Further reports about: alterations bounce cameras coating microscopic properties steam surfaces tubes

More articles from Physics and Astronomy:

nachricht Astronomers find unexpected, dust-obscured star formation in distant galaxy
24.03.2017 | University of Massachusetts at Amherst

nachricht Gravitational wave kicks monster black hole out of galactic core
24.03.2017 | NASA/Goddard Space Flight Center

All articles from Physics and Astronomy >>>

The most recent press releases about innovation >>>

Die letzten 5 Focus-News des innovations-reports im Überblick:

Im Focus: Giant Magnetic Fields in the Universe

Astronomers from Bonn and Tautenburg in Thuringia (Germany) used the 100-m radio telescope at Effelsberg to observe several galaxy clusters. At the edges of these large accumulations of dark matter, stellar systems (galaxies), hot gas, and charged particles, they found magnetic fields that are exceptionally ordered over distances of many million light years. This makes them the most extended magnetic fields in the universe known so far.

The results will be published on March 22 in the journal „Astronomy & Astrophysics“.

Galaxy clusters are the largest gravitationally bound structures in the universe. With a typical extent of about 10 million light years, i.e. 100 times the...

Im Focus: Tracing down linear ubiquitination

Researchers at the Goethe University Frankfurt, together with partners from the University of Tübingen in Germany and Queen Mary University as well as Francis Crick Institute from London (UK) have developed a novel technology to decipher the secret ubiquitin code.

Ubiquitin is a small protein that can be linked to other cellular proteins, thereby controlling and modulating their functions. The attachment occurs in many...

Im Focus: Perovskite edges can be tuned for optoelectronic performance

Layered 2D material improves efficiency for solar cells and LEDs

In the eternal search for next generation high-efficiency solar cells and LEDs, scientists at Los Alamos National Laboratory and their partners are creating...

Im Focus: Polymer-coated silicon nanosheets as alternative to graphene: A perfect team for nanoelectronics

Silicon nanosheets are thin, two-dimensional layers with exceptional optoelectronic properties very similar to those of graphene. Albeit, the nanosheets are less stable. Now researchers at the Technical University of Munich (TUM) have, for the first time ever, produced a composite material combining silicon nanosheets and a polymer that is both UV-resistant and easy to process. This brings the scientists a significant step closer to industrial applications like flexible displays and photosensors.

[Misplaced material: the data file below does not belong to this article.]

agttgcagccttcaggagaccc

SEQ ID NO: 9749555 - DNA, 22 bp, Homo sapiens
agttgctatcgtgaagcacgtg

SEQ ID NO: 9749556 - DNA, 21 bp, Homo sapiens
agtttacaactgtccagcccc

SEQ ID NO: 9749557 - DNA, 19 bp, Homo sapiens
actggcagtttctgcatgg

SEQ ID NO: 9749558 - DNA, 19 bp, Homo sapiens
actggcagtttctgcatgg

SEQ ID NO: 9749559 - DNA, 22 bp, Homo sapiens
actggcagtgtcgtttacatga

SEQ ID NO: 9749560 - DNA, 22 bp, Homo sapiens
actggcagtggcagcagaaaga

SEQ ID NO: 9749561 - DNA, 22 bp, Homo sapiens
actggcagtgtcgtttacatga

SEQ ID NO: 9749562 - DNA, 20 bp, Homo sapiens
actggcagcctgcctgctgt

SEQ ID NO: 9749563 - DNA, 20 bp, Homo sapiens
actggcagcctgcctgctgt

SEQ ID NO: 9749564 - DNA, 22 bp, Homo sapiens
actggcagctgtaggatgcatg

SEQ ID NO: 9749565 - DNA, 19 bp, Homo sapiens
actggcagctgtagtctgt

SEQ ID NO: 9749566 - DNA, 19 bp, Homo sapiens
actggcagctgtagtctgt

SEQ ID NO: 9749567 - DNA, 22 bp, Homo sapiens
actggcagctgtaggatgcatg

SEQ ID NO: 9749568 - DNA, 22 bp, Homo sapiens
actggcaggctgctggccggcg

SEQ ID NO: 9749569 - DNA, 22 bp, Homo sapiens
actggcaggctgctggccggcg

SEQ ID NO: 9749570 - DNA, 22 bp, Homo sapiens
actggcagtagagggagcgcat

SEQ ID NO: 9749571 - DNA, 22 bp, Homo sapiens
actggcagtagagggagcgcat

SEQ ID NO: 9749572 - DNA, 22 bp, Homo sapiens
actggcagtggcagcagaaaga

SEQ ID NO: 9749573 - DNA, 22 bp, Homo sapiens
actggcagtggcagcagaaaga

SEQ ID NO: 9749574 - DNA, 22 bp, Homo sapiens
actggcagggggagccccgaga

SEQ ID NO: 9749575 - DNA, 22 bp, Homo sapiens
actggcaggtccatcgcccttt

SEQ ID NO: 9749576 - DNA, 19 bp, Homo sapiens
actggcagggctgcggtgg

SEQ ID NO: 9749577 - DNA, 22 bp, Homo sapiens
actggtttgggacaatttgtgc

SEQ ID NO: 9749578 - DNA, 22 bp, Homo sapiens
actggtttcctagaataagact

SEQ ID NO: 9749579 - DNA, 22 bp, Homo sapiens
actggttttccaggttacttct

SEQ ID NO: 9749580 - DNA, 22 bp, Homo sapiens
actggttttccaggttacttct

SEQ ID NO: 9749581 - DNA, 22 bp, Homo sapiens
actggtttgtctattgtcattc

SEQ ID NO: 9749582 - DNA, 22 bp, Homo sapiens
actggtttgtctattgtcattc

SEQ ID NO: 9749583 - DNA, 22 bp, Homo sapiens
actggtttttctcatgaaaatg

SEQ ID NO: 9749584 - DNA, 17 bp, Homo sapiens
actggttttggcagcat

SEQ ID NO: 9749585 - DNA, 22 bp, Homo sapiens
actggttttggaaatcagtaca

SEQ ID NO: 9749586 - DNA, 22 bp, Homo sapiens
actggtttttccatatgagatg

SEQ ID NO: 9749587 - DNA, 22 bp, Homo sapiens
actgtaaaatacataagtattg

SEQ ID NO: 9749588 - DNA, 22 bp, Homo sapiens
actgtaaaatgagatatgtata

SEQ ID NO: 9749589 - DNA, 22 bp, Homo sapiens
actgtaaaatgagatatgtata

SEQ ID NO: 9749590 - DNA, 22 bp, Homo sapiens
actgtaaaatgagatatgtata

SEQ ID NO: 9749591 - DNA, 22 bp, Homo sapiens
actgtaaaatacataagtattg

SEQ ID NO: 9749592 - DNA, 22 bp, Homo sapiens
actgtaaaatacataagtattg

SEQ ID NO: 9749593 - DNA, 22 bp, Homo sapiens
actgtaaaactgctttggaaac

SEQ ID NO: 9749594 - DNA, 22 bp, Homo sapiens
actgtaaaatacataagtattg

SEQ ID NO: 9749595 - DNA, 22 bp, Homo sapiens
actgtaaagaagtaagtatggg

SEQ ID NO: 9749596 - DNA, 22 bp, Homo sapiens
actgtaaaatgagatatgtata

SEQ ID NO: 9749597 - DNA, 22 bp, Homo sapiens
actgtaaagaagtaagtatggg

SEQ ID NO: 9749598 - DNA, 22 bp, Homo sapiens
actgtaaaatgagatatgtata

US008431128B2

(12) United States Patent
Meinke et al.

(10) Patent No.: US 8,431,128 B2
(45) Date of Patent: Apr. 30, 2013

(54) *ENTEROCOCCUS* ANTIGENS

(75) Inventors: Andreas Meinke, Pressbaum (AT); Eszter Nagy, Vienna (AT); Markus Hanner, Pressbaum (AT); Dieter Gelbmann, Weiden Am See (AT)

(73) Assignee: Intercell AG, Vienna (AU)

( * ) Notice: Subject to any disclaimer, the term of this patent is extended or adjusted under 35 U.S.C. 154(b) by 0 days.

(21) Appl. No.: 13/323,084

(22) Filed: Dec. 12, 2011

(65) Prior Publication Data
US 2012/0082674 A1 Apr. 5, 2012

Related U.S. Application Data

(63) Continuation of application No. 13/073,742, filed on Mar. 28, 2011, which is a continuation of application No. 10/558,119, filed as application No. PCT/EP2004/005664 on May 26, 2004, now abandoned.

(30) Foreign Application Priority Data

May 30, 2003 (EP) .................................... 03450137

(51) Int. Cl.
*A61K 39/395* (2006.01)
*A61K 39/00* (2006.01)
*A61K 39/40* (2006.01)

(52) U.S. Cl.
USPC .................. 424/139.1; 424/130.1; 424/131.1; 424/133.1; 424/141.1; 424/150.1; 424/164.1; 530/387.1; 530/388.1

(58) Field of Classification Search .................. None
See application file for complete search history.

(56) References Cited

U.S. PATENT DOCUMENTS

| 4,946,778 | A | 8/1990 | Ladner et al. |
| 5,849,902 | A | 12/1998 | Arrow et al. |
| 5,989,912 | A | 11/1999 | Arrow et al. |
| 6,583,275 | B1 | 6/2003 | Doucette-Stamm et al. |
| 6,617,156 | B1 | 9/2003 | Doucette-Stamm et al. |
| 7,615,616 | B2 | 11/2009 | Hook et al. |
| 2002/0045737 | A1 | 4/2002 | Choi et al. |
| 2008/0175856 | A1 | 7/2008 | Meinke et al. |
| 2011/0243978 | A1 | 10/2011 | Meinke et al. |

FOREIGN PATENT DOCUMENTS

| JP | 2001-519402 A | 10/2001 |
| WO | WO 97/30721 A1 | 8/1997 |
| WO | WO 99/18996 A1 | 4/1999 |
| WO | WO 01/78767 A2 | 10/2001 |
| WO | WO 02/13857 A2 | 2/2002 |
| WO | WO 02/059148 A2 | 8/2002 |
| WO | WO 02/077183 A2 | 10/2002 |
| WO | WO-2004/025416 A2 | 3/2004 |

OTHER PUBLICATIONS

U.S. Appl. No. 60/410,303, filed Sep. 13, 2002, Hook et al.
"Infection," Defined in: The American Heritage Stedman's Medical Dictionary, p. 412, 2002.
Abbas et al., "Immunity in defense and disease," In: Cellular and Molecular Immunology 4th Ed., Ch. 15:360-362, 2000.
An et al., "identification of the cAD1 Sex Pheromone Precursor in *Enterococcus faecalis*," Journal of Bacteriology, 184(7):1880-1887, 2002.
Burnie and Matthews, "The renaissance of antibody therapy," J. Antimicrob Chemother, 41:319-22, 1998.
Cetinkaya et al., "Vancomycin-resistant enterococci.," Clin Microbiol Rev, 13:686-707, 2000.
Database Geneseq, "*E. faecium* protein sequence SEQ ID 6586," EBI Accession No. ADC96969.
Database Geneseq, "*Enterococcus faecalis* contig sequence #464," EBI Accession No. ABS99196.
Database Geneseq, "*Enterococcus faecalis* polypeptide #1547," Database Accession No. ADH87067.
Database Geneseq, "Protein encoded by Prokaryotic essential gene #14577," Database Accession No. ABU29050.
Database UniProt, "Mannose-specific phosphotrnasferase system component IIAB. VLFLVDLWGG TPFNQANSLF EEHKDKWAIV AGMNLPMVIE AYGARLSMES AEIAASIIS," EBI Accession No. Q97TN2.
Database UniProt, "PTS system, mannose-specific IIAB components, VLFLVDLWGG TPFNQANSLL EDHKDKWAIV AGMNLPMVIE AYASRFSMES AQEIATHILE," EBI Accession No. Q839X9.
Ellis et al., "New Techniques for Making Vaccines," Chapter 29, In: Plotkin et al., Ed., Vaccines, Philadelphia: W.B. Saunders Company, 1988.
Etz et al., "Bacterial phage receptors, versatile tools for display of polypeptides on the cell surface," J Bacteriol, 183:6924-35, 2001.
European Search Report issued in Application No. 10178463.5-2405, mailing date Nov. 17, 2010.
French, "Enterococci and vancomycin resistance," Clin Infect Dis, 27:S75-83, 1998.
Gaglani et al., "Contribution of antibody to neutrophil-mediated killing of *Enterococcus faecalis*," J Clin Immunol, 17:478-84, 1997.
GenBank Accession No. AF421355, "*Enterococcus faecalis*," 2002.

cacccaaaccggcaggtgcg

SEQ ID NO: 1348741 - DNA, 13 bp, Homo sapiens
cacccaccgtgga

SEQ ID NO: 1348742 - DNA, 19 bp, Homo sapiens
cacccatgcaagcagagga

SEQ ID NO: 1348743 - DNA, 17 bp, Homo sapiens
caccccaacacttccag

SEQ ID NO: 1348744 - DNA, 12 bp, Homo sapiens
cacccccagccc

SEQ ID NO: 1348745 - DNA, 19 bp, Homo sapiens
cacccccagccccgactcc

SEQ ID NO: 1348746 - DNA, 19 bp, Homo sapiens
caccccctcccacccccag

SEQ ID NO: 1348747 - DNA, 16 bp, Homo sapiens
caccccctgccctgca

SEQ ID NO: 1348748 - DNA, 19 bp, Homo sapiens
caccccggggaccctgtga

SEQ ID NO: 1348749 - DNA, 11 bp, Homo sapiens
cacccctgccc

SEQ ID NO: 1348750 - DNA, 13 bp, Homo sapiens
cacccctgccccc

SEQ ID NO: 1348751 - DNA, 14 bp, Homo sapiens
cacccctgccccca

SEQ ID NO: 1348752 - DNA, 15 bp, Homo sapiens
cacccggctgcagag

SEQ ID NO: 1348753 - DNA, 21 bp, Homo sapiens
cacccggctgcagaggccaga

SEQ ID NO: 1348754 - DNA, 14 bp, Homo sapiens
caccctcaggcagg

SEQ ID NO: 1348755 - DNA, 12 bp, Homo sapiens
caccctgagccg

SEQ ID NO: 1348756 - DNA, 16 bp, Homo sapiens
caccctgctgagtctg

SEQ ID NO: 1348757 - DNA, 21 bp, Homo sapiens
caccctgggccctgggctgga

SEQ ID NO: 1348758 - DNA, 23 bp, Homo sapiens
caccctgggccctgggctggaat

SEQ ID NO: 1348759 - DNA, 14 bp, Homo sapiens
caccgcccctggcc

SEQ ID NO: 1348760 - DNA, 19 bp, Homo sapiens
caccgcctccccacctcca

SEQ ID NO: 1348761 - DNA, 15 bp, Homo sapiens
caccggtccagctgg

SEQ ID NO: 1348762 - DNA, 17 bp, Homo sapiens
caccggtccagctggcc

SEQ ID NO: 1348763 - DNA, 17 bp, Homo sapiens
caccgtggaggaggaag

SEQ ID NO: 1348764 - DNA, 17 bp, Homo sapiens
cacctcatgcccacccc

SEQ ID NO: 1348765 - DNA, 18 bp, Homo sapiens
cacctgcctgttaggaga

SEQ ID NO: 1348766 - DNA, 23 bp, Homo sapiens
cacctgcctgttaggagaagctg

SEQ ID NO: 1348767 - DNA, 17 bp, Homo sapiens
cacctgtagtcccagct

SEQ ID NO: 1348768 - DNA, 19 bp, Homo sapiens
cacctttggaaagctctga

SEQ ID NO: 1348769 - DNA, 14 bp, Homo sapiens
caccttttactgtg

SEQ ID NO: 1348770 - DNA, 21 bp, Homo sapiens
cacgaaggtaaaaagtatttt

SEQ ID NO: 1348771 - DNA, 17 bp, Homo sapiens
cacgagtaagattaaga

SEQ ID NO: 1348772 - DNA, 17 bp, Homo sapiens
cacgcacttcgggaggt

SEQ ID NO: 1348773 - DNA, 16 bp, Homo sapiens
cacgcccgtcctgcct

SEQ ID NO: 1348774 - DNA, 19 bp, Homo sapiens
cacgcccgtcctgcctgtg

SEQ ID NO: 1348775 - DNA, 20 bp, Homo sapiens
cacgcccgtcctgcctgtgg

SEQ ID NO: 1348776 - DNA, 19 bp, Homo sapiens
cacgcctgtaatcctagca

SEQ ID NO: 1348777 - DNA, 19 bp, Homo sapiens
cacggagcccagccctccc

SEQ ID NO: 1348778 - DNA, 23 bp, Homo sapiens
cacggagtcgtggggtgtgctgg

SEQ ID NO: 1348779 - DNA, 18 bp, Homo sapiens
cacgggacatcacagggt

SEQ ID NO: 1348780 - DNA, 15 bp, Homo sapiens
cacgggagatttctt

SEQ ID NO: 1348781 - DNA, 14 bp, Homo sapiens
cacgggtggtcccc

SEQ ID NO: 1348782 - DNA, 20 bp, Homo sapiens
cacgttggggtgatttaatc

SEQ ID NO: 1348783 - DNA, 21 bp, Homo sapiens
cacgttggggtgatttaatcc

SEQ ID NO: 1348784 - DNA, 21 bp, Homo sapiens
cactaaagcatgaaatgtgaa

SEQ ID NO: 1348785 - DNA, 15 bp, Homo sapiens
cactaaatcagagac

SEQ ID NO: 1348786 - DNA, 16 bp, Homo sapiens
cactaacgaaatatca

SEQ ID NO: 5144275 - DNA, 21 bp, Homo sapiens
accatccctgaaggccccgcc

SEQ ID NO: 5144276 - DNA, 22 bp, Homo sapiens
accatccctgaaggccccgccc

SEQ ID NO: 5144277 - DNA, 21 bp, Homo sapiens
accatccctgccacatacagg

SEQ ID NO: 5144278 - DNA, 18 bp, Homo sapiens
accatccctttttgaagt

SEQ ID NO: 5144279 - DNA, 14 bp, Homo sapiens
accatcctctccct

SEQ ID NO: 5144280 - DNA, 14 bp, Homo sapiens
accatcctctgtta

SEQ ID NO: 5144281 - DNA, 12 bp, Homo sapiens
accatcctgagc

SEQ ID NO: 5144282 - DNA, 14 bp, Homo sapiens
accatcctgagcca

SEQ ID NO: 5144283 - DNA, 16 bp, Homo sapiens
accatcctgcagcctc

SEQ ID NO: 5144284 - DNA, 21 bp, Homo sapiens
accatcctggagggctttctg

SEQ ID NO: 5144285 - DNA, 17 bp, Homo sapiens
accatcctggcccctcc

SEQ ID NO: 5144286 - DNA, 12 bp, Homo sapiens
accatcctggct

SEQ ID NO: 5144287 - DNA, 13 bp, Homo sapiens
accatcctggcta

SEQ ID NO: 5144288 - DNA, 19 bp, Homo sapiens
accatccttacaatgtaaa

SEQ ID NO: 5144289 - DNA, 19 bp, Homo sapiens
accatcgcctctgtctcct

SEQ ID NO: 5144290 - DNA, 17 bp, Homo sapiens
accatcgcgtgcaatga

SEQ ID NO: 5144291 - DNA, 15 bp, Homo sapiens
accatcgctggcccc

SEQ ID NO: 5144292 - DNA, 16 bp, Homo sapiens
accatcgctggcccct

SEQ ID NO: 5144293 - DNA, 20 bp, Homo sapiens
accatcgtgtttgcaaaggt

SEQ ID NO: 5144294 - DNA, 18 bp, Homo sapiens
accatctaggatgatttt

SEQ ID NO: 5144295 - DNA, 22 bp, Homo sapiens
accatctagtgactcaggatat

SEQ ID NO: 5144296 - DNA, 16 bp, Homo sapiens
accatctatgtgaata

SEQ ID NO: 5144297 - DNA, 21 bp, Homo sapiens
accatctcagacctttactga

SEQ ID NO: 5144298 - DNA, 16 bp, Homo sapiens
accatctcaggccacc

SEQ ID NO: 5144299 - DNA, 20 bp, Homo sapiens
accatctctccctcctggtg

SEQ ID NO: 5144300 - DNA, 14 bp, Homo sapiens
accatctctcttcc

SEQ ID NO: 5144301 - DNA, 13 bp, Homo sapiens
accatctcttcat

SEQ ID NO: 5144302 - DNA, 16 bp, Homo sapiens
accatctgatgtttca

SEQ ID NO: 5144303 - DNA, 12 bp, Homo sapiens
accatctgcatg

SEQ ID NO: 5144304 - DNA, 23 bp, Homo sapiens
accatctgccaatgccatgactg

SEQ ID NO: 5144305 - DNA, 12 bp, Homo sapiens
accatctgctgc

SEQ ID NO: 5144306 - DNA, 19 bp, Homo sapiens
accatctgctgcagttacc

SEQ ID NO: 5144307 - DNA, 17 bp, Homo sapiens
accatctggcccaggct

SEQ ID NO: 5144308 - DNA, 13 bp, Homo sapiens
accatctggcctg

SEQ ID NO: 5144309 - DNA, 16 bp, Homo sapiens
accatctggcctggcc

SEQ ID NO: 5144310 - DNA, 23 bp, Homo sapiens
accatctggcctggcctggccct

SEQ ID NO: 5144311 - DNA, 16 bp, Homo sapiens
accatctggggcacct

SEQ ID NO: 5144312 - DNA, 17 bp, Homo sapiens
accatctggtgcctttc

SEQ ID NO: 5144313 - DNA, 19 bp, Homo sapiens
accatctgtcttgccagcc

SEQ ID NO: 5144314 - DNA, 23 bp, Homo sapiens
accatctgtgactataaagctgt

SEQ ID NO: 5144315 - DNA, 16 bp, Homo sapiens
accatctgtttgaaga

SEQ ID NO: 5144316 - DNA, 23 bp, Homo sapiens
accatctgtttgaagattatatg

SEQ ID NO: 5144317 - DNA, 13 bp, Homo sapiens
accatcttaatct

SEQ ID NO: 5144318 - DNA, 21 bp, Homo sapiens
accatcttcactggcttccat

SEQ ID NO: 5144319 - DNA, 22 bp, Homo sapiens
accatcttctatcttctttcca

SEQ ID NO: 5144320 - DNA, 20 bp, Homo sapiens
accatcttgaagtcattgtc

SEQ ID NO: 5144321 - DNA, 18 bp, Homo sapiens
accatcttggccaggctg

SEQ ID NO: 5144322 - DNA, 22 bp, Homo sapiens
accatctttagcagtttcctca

Silicon nanosheets are thin, two-dimensional layers with exceptional optoelectronic properties very similar to those of graphene. Albeit, the nanosheets are...

Im Focus: Researchers Imitate Molecular Crowding in Cells

Enzymes behave differently in a test tube compared with the molecular scrum of a living cell. Chemists from the University of Basel have now been able to simulate these confined natural conditions in artificial vesicles for the first time. As reported in the academic journal Small, the results are offering better insight into the development of nanoreactors and artificial organelles.

Enzymes behave differently in a test tube compared with the molecular scrum of a living cell. Chemists from the University of Basel have now been able to...

All Focus news of the innovation-report >>>

Anzeige

Anzeige

Event News

International Land Use Symposium ILUS 2017: Call for Abstracts and Registration open

20.03.2017 | Event News

CONNECT 2017: International congress on connective tissue

14.03.2017 | Event News

ICTM Conference: Turbine Construction between Big Data and Additive Manufacturing

07.03.2017 | Event News

 
Latest News

Argon is not the 'dope' for metallic hydrogen

24.03.2017 | Materials Sciences

Astronomers find unexpected, dust-obscured star formation in distant galaxy

24.03.2017 | Physics and Astronomy

Gravitational wave kicks monster black hole out of galactic core

24.03.2017 | Physics and Astronomy

VideoLinks
B2B-VideoLinks
More VideoLinks >>>